The sensationalist nature of the movie is not merely in its breathtaking cinematography, but also through the bold performances. Charlize Theron and Noomi Rapace are perfectly cast, contrasting greatly between Rapace’s steely and determined Shaw and Theron’s sharp, glacial Meredith Vickers. The standout performance, however, is Fassbender’s understated presence as the android David, proving that it isn’t a coincidence that many of the best films of the last couple of years seem to contain his intense performances.
This a utterly spectacular film, yet with a prequel it is impossible to look at it without comparing it to Scott’s previous editions. It is from this perspective that it becomes clear that this movie is still slightly flawed. Rapace, although very good, does not quite reach the legendary status of Sigourney Weaver in the role of Ripley, who is clearly the core of the original films. Alien is more tense and chilling, whereas Aliens provides a rough-and-tumble approach, and although trying to recreate both chilling spectacles and gritty action, Scott has reached a halfway-house, making something more coherent to the expectations of a good, 21st century blockbuster. The use of 3D highlights the visual splendour of the film and the huge grandiose of the special effects, yet this in many ways overshadows parts of the film. This is too active, particularly when compared the stillness which made Alien so frightening. My final verdict is that this a film that can be enjoyed for its spectacular and bold visuals, its perfected performances and clever narrative, however it falls for the same trick as most prequels, in fulfilling the formula as its predecessors, rather than capturing what it was that made Alien original. A great film, but it is best judged as a separate modern film, rather than the prequel it obviously is.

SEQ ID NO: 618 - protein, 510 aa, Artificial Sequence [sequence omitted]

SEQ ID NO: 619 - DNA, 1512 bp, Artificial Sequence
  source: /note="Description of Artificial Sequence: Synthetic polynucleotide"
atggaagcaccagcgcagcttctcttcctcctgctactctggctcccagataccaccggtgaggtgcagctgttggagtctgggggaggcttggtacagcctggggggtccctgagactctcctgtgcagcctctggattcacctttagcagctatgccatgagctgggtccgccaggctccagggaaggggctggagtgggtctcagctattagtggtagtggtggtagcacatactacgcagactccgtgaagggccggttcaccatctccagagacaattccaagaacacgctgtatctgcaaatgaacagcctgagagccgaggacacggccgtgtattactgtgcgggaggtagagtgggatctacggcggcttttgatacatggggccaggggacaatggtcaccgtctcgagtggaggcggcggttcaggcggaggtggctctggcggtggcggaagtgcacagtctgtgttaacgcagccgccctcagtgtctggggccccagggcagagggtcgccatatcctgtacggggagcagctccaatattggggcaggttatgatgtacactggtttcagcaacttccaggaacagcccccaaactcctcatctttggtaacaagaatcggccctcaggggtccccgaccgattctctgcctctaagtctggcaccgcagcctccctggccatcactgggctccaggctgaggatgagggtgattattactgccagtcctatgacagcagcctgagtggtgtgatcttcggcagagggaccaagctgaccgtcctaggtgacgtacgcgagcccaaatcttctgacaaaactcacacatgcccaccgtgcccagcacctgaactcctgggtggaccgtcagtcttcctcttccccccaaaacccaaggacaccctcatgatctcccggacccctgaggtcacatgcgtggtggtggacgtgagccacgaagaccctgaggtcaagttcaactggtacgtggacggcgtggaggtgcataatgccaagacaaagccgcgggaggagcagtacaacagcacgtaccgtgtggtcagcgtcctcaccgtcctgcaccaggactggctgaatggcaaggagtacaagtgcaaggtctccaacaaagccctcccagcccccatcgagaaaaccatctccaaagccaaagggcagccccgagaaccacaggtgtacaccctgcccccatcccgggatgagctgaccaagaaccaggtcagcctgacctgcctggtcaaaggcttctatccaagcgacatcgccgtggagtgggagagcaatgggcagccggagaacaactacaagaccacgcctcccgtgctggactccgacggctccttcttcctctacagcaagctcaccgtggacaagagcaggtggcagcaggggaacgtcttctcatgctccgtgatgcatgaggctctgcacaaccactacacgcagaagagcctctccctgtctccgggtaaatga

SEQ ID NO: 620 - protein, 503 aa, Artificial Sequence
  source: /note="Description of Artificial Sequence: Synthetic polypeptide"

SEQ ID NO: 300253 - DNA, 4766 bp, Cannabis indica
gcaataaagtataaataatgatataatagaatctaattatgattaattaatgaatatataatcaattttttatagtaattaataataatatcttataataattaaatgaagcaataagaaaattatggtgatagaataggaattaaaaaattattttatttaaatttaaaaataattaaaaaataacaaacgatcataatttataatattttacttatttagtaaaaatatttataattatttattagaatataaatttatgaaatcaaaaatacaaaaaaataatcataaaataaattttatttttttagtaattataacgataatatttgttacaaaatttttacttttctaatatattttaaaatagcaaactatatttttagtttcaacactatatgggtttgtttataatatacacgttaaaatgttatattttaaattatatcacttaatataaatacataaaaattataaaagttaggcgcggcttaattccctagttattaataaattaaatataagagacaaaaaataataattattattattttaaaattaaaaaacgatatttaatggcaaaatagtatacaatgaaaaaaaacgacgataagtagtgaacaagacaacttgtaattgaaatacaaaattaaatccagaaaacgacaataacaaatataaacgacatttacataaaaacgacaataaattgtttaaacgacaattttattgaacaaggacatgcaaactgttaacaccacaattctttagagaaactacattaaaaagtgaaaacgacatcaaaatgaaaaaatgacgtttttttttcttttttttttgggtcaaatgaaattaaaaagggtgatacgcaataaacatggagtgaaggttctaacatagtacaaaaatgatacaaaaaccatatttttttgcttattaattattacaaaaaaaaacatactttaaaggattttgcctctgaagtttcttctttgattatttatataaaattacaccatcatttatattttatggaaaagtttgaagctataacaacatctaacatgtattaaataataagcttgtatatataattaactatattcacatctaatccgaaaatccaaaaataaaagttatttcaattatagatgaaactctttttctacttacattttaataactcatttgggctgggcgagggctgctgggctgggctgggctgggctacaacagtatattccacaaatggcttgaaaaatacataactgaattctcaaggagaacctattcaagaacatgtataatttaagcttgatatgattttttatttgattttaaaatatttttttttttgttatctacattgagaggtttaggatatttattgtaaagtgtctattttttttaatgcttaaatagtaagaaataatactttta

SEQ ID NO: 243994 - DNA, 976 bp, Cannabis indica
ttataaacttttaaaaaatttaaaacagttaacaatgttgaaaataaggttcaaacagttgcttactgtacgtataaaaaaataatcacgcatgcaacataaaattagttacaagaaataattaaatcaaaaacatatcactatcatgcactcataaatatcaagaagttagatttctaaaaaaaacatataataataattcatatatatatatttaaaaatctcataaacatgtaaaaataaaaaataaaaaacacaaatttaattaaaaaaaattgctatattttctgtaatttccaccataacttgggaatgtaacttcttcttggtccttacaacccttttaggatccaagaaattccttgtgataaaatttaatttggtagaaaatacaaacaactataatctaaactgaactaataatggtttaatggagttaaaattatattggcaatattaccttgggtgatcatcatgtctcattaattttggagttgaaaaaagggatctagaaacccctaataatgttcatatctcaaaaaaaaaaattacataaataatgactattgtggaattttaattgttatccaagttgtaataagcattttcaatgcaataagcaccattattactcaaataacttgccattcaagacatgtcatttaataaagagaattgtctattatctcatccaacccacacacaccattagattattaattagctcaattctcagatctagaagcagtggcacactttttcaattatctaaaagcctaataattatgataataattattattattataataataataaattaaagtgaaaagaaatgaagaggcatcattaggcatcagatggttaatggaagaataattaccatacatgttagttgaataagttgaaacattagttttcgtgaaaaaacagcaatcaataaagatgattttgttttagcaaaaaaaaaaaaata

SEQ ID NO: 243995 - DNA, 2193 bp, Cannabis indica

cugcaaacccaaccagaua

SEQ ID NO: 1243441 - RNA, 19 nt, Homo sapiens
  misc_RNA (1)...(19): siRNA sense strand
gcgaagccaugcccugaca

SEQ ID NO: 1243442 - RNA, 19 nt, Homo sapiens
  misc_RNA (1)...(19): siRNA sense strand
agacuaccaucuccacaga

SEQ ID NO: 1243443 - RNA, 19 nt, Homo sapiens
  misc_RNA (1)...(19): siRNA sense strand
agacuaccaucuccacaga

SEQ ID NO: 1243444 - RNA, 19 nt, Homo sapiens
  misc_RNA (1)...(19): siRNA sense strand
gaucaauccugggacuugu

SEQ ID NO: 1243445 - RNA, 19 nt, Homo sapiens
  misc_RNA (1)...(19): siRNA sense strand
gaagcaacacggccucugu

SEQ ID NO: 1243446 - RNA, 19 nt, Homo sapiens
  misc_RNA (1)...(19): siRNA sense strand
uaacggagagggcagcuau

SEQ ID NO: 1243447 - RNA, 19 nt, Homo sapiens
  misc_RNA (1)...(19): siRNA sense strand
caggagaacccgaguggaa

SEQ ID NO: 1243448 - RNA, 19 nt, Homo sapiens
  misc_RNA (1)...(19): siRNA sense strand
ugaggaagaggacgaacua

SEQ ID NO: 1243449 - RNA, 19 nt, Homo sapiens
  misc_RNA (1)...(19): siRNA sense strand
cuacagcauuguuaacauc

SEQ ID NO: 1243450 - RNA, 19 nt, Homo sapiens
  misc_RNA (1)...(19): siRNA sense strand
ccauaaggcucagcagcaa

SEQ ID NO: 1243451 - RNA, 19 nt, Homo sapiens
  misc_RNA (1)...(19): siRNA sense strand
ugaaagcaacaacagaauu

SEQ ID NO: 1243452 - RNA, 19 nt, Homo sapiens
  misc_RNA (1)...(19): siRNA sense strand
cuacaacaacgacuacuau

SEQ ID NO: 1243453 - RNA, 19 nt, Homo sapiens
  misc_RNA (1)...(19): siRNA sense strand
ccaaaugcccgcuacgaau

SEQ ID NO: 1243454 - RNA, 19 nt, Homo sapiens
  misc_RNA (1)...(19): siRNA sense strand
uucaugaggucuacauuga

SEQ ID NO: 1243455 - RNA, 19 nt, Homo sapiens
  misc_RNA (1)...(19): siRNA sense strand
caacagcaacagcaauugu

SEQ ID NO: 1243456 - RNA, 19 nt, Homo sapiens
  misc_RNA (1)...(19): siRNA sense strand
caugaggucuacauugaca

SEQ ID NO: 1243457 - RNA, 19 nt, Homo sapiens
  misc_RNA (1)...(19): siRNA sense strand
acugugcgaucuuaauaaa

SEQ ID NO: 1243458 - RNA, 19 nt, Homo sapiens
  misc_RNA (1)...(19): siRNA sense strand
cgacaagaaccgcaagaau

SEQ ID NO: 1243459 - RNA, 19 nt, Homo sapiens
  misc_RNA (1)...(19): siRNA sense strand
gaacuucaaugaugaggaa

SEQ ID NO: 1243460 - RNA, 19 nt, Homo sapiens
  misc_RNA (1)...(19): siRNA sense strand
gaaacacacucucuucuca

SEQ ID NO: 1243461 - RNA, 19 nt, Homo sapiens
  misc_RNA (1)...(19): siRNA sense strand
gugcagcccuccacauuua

I am going to approach this review in a completely unbiased and unprejudiced way; The Shawshank Redemption is my favourite film and I will not hear a word said against it. Yet, what the hell is great about it? It does not equal the cult levels of Star Wars, nor the disturbing intensity of Apocalypse Now. For serious, fact-based drama, Schindler’s List comes out on top, while for sheer zest and playfulness Pulp Fiction reigns supreme. So what is so great about this film, a film that garnered a (relatively) puny $28 million at the US box office and failed to win in any of its seven Oscar nominated categories? Simply put, Frank Darabont’s film goes back to the basics of cinema in breath-taking fashion. If you give great actors a great script and great direction, then you get a great film. Simple.